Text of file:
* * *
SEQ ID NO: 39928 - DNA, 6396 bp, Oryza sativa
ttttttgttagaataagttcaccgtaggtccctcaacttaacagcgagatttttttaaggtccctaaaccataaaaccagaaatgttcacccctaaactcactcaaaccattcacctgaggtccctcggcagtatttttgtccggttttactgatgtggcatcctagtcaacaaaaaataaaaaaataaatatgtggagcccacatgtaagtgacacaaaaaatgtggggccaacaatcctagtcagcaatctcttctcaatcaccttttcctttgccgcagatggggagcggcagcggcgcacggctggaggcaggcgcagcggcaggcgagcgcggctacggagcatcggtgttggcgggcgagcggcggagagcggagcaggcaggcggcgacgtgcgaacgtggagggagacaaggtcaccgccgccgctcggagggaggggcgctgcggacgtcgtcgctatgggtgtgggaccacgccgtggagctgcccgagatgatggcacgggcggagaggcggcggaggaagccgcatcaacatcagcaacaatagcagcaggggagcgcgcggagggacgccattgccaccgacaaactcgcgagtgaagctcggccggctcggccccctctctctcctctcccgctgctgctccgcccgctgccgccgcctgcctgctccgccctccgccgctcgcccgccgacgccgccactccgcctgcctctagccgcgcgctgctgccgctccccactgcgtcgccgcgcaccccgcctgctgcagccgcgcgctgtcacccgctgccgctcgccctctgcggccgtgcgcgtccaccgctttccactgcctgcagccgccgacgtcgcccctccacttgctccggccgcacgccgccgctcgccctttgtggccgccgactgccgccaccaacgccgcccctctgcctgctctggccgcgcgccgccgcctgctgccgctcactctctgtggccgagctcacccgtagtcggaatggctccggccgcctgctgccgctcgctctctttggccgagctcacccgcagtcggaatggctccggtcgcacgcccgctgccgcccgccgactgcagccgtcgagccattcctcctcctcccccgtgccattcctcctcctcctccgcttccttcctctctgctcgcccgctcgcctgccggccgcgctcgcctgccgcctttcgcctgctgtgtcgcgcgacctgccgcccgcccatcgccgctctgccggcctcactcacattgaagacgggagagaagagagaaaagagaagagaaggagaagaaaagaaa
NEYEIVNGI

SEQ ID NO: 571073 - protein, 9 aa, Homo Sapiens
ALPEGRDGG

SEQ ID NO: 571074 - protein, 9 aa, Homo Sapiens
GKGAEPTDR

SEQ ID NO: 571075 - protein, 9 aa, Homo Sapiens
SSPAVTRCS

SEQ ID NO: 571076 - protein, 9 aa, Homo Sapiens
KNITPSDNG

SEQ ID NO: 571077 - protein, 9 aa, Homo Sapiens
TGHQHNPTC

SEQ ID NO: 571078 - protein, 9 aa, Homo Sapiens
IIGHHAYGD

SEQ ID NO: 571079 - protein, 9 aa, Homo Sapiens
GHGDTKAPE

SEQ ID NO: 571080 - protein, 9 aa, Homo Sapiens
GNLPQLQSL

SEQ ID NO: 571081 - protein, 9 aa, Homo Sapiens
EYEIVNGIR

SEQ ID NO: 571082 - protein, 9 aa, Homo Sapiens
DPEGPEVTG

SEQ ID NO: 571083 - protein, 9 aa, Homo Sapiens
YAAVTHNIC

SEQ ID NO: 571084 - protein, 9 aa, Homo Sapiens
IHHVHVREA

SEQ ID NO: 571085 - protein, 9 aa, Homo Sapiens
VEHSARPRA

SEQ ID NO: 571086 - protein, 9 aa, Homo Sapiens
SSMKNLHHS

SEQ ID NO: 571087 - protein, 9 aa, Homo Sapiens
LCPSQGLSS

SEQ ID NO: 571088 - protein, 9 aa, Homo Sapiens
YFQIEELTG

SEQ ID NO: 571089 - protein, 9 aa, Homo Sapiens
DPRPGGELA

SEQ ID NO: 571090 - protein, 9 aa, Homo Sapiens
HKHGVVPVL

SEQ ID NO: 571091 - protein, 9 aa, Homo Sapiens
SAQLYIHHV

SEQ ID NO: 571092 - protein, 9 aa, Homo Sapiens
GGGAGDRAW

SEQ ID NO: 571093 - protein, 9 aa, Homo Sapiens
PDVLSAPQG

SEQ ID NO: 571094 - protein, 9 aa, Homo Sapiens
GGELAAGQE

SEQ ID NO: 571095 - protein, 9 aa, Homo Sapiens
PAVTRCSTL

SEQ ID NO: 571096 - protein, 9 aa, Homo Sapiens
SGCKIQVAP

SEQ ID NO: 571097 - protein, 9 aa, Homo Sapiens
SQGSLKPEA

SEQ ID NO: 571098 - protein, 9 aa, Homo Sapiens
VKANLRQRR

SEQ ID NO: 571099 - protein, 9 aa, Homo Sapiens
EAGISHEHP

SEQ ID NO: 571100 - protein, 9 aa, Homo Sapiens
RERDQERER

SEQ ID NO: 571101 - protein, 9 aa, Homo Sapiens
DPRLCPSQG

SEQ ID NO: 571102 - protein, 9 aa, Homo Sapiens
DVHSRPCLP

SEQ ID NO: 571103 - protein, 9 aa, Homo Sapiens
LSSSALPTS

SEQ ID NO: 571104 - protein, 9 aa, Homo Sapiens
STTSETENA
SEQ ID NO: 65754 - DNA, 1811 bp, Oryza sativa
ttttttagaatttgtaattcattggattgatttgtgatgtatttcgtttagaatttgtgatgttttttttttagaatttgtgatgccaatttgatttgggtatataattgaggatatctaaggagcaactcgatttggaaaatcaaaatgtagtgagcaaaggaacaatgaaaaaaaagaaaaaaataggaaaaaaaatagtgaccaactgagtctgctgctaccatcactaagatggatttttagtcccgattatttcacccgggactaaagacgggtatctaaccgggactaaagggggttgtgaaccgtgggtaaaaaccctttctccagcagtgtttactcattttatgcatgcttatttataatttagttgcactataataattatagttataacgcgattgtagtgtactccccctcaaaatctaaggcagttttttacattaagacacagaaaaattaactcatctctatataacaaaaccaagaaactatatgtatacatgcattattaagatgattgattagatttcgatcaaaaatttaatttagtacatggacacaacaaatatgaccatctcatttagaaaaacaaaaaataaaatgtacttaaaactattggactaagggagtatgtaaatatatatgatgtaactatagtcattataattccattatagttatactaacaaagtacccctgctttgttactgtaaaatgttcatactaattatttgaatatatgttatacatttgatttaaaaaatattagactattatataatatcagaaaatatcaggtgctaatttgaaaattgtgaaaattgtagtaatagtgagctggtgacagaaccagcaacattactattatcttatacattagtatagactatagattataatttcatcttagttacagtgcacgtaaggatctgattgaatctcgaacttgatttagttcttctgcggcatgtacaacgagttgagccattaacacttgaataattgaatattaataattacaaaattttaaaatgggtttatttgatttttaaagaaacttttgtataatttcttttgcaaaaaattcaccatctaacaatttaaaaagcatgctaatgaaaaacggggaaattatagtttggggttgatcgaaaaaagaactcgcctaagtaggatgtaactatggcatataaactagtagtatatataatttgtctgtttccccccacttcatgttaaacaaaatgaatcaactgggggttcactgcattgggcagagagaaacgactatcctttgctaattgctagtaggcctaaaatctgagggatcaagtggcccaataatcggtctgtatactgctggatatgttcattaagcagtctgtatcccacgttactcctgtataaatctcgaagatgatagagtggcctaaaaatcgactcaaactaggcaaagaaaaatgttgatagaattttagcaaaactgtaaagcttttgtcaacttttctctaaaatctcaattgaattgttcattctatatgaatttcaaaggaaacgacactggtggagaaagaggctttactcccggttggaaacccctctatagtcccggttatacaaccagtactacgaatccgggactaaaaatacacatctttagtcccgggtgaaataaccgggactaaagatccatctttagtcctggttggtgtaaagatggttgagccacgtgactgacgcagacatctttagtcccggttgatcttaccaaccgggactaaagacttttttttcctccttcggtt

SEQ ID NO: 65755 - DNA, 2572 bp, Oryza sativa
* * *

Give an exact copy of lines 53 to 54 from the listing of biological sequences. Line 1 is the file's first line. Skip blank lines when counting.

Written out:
SQGSLKPEA

SEQ ID NO: 571098 - protein, 9 aa, Homo Sapiens